Enrico David: Dropping the Masks
Elke Buhr
September 2011

The euphoria felt by new arrivals to Berlin is always contagious. Enrico David has shelved a few books and hung up his favorite pictures. If he wanted he could go rollerblading around the cavernous old apartment in the far west of the city which has been his studio and home for several weeks. 'You don't need any furniture in those rooms, they're complete without it,'he says. And sticks by his words. As regards interior decorating the Italian is evidently an ascetic.

Indeed, he loves simplicity in all things: 'I like it that there's little information here I can relate to,'he says. 'Not speaking the language I can shut off most of the background noise, on the streets I don't stumble into artists or the art world. That displacement is something that deep down I still recognize as important.'

Content, David sits on his kitchen chair and bites into a piece of cake. A large man in a coarse shirt, who likes to contrast his manliness now and then with a coquettish look, charming, funny, eloquent. It's not that easy to associate his appearance with the man behind the impressive paintings which were on show this spring at Enrico David's Berlin gallery VeneKlasen/Werner and in summer at the Fondazione Bevilacqua La Masa'parallel to the Venice Biennale. Ghosts walk through these works, tortured spirits struggling to attain a shape.

A Z-shaped line becomes the prison for a vaguely sketched head with a lolling tongue and strange blotches beneath the eyes. A melancholy profile emerges from an Art Nouveau ornament. In a zigzag pattern on a bright yellow background there is a screaming face. Several canvases have extreme formats, squares whose edges are 2.4 meters long. They overpower you with stark graphic elements, geometrical patterns and monochrome surfaces. But the figures in them are always delicately sketched, only barely defined, about to disappear.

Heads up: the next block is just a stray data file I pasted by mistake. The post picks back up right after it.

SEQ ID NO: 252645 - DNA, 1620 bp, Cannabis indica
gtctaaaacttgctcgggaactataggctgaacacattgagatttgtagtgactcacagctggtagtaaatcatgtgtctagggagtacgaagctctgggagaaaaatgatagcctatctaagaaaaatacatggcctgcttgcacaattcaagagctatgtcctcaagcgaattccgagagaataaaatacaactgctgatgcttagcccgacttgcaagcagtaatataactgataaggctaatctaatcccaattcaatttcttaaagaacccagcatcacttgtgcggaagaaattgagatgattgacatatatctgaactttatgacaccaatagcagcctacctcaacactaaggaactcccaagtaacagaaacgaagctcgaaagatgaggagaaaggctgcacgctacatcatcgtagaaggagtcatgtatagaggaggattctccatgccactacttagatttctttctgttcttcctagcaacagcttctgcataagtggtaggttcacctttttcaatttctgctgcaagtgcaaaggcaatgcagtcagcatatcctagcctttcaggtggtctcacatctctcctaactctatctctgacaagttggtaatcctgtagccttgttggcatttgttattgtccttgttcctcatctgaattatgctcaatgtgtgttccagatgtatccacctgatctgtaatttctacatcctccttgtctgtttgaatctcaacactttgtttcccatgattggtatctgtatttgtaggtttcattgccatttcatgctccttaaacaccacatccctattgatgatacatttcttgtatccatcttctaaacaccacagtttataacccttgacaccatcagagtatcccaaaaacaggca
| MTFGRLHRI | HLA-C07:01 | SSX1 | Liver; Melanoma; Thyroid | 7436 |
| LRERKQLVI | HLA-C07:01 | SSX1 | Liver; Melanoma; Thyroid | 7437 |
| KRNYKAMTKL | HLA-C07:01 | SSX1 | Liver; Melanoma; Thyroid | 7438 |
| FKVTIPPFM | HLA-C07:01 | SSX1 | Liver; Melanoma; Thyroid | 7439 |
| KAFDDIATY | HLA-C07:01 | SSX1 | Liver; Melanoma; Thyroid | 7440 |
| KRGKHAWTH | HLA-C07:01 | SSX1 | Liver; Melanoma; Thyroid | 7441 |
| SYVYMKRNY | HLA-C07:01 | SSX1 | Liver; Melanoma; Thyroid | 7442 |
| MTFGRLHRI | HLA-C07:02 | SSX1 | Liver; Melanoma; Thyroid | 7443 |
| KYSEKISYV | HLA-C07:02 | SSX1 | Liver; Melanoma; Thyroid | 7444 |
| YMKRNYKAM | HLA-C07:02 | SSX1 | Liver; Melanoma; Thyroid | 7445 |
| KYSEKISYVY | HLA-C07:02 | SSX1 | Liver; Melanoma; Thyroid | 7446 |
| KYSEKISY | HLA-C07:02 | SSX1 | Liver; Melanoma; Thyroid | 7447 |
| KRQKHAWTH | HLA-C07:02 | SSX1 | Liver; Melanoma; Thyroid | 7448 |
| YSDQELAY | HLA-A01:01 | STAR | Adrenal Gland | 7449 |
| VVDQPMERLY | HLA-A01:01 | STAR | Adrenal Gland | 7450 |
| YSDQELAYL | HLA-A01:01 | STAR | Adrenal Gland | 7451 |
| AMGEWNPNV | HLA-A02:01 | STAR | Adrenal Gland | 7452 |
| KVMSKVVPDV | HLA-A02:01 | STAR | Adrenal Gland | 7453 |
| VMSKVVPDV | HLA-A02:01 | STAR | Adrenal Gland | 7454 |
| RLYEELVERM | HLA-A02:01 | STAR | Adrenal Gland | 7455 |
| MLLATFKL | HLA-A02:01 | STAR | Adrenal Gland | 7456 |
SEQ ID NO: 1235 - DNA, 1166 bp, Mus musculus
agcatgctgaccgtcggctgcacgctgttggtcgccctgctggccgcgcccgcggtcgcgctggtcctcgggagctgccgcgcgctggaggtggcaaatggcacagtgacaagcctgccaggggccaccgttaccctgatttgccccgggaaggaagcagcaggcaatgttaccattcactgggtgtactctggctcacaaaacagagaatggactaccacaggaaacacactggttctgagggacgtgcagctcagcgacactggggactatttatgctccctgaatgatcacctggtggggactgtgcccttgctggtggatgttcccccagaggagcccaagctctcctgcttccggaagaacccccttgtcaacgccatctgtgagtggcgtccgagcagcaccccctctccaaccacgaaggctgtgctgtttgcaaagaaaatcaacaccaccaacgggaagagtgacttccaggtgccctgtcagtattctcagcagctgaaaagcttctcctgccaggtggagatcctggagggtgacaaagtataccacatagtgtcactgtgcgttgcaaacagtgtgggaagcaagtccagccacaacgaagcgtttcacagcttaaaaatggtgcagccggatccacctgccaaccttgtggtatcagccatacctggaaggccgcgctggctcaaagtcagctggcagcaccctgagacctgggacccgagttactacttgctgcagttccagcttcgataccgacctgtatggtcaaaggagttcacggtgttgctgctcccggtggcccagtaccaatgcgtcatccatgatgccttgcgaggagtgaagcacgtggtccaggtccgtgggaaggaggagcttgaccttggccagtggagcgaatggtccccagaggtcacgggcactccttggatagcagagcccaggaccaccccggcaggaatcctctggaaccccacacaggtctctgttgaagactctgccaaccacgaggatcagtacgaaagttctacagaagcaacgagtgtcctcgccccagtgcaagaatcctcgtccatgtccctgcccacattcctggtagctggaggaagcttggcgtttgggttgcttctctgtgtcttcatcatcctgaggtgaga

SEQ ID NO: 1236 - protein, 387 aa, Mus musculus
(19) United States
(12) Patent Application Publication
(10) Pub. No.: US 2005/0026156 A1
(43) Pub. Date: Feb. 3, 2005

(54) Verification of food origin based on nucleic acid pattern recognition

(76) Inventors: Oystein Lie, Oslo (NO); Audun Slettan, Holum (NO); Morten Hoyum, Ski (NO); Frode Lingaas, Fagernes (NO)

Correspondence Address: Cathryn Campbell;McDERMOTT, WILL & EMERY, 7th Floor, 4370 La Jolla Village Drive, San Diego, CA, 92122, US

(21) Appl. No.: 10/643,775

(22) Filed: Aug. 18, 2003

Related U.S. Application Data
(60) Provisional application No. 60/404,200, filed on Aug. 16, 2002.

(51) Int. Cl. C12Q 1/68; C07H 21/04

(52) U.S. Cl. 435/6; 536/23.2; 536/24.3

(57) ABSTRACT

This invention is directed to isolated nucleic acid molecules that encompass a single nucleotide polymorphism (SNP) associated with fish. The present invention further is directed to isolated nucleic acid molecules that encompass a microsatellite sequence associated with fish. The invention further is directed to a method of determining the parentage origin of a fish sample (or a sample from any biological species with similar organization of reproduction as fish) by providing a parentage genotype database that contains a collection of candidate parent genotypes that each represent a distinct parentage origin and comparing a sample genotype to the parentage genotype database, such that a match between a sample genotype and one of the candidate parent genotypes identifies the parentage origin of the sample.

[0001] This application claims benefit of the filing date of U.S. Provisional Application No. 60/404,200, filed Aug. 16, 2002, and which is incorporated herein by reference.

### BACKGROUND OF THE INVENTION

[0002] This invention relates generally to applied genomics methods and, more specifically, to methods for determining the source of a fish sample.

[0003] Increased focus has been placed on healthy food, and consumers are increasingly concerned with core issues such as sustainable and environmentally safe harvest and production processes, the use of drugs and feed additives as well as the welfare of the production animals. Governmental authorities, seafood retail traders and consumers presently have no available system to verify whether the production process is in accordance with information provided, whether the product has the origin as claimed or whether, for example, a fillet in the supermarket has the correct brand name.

Alongside the paintings there are felt-pen drawings: two heads, pressed against each other as if contained in a test tube, a man's face with his mouth wide open as though he is screaming. In linocut Enrico David also succeeds in presenting a face and an underlying feeling with just a few lines.

In these works David explores the melancholy of existence. He sketches identity in the embryonic stage. Suffering that is not even allowed the minimum, namely to gain clear lines and express the pain. 'In a way the paintings and sculptures that I showed in Berlin were works that reconnected with what I was doing 20 years ago. They're sort of my archetype of expression, which was still a starting point even if I couldn't really process at the time. And that's where I find myself again today. Now I can stand by them and understand them as necessary and inevitable,'says David of the latest phase, in which his works have taken on a new, existential quality.

Seen from the vantage point of these paintings his earlier work can suddenly be understood as a mask that concealed the screaming ghosts, and it was not for nothing that the mask was the central symbol in them. In the 1990s David entered the art scene as a theatricalist who painted or sometimes embroidered on the canvas harlequins and showgirls in extremely reduced forms, two-dimensionally like cut-outs, who depicted whispering geishas in austere lines, carved clowns in plywood and had figurines dance like those by Oskar Schlemmer.